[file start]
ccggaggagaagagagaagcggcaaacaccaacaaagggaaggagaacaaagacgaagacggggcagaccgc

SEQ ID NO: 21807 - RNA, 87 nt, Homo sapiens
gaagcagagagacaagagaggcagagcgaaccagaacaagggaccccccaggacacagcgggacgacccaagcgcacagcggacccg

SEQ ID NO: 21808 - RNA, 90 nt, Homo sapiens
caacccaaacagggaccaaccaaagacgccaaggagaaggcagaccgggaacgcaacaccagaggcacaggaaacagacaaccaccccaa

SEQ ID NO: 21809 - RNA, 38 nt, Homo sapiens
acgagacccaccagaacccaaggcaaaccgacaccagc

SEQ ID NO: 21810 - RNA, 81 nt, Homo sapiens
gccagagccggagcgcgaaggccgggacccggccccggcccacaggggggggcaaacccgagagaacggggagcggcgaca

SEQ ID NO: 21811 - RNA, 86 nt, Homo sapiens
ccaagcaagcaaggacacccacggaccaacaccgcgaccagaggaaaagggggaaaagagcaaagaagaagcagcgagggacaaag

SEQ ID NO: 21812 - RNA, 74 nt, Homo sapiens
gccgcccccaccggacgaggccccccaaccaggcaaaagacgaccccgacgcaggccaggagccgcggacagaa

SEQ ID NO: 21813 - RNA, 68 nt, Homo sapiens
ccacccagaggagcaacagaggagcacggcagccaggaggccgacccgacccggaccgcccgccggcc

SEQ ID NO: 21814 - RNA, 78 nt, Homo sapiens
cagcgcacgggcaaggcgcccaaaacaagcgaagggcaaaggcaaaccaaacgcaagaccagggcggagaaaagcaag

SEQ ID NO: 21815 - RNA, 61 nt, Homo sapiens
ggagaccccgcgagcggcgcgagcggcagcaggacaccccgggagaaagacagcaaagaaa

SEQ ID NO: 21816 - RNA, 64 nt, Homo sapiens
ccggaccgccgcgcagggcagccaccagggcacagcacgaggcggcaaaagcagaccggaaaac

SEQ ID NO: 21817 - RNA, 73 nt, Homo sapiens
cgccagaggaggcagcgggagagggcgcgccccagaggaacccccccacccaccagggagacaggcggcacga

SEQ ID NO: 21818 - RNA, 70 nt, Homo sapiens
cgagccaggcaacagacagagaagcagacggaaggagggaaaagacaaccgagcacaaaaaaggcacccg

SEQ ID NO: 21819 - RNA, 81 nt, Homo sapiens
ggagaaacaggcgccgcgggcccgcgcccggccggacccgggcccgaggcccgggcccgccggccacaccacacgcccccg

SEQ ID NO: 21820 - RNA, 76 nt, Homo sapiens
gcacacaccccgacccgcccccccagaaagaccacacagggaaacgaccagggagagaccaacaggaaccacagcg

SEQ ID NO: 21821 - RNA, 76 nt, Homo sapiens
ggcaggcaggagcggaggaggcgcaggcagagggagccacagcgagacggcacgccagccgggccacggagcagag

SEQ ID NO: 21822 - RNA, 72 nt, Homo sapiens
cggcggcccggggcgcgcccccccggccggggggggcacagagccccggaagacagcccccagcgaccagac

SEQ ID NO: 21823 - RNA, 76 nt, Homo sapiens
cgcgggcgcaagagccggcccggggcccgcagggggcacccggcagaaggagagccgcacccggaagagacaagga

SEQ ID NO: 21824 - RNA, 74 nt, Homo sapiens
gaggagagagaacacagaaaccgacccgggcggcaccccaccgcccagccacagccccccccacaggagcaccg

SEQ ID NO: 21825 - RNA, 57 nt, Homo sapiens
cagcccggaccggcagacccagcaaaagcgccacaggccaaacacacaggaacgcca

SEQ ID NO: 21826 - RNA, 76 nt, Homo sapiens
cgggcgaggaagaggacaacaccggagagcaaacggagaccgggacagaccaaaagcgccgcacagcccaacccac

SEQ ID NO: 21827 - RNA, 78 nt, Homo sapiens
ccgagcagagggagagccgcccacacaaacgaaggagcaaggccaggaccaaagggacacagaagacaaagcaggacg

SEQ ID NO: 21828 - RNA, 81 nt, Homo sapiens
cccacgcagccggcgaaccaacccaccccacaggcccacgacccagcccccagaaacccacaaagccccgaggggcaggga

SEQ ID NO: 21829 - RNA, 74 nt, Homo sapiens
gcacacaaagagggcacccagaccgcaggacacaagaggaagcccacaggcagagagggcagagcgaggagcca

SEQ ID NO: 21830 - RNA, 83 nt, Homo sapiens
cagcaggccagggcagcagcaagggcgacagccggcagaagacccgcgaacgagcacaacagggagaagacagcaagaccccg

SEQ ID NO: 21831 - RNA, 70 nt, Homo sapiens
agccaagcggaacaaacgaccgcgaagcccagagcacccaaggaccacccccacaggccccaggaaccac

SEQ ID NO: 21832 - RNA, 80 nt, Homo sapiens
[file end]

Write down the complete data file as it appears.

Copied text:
ccggaggagaagagagaagcggcaaacaccaacaaagggaaggagaacaaagacgaagacggggcagaccgc

SEQ ID NO: 21807 - RNA, 87 nt, Homo sapiens
gaagcagagagacaagagaggcagagcgaaccagaacaagggaccccccaggacacagcgggacgacccaagcgcacagcggacccg

SEQ ID NO: 21808 - RNA, 90 nt, Homo sapiens
caacccaaacagggaccaaccaaagacgccaaggagaaggcagaccgggaacgcaacaccagaggcacaggaaacagacaaccaccccaa

SEQ ID NO: 21809 - RNA, 38 nt, Homo sapiens
acgagacccaccagaacccaaggcaaaccgacaccagc

SEQ ID NO: 21810 - RNA, 81 nt, Homo sapiens
gccagagccggagcgcgaaggccgggacccggccccggcccacaggggggggcaaacccgagagaacggggagcggcgaca

SEQ ID NO: 21811 - RNA, 86 nt, Homo sapiens
ccaagcaagcaaggacacccacggaccaacaccgcgaccagaggaaaagggggaaaagagcaaagaagaagcagcgagggacaaag

SEQ ID NO: 21812 - RNA, 74 nt, Homo sapiens
gccgcccccaccggacgaggccccccaaccaggcaaaagacgaccccgacgcaggccaggagccgcggacagaa

SEQ ID NO: 21813 - RNA, 68 nt, Homo sapiens
ccacccagaggagcaacagaggagcacggcagccaggaggccgacccgacccggaccgcccgccggcc

SEQ ID NO: 21814 - RNA, 78 nt, Homo sapiens
cagcgcacgggcaaggcgcccaaaacaagcgaagggcaaaggcaaaccaaacgcaagaccagggcggagaaaagcaag

SEQ ID NO: 21815 - RNA, 61 nt, Homo sapiens
ggagaccccgcgagcggcgcgagcggcagcaggacaccccgggagaaagacagcaaagaaa

SEQ ID NO: 21816 - RNA, 64 nt, Homo sapiens
ccggaccgccgcgcagggcagccaccagggcacagcacgaggcggcaaaagcagaccggaaaac

SEQ ID NO: 21817 - RNA, 73 nt, Homo sapiens
cgccagaggaggcagcgggagagggcgcgccccagaggaacccccccacccaccagggagacaggcggcacga

SEQ ID NO: 21818 - RNA, 70 nt, Homo sapiens
cgagccaggcaacagacagagaagcagacggaaggagggaaaagacaaccgagcacaaaaaaggcacccg

SEQ ID NO: 21819 - RNA, 81 nt, Homo sapiens
ggagaaacaggcgccgcgggcccgcgcccggccggacccgggcccgaggcccgggcccgccggccacaccacacgcccccg

SEQ ID NO: 21820 - RNA, 76 nt, Homo sapiens
gcacacaccccgacccgcccccccagaaagaccacacagggaaacgaccagggagagaccaacaggaaccacagcg

SEQ ID NO: 21821 - RNA, 76 nt, Homo sapiens
ggcaggcaggagcggaggaggcgcaggcagagggagccacagcgagacggcacgccagccgggccacggagcagag

SEQ ID NO: 21822 - RNA, 72 nt, Homo sapiens
cggcggcccggggcgcgcccccccggccggggggggcacagagccccggaagacagcccccagcgaccagac

SEQ ID NO: 21823 - RNA, 76 nt, Homo sapiens
cgcgggcgcaagagccggcccggggcccgcagggggcacccggcagaaggagagccgcacccggaagagacaagga

SEQ ID NO: 21824 - RNA, 74 nt, Homo sapiens
gaggagagagaacacagaaaccgacccgggcggcaccccaccgcccagccacagccccccccacaggagcaccg

SEQ ID NO: 21825 - RNA, 57 nt, Homo sapiens
cagcccggaccggcagacccagcaaaagcgccacaggccaaacacacaggaacgcca

SEQ ID NO: 21826 - RNA, 76 nt, Homo sapiens
cgggcgaggaagaggacaacaccggagagcaaacggagaccgggacagaccaaaagcgccgcacagcccaacccac

SEQ ID NO: 21827 - RNA, 78 nt, Homo sapiens
ccgagcagagggagagccgcccacacaaacgaaggagcaaggccaggaccaaagggacacagaagacaaagcaggacg

SEQ ID NO: 21828 - RNA, 81 nt, Homo sapiens
cccacgcagccggcgaaccaacccaccccacaggcccacgacccagcccccagaaacccacaaagccccgaggggcaggga

SEQ ID NO: 21829 - RNA, 74 nt, Homo sapiens
gcacacaaagagggcacccagaccgcaggacacaagaggaagcccacaggcagagagggcagagcgaggagcca

SEQ ID NO: 21830 - RNA, 83 nt, Homo sapiens
cagcaggccagggcagcagcaagggcgacagccggcagaagacccgcgaacgagcacaacagggagaagacagcaagaccccg

SEQ ID NO: 21831 - RNA, 70 nt, Homo sapiens
agccaagcggaacaaacgaccgcgaagcccagagcacccaaggaccacccccacaggccccaggaaccac

SEQ ID NO: 21832 - RNA, 80 nt, Homo sapiens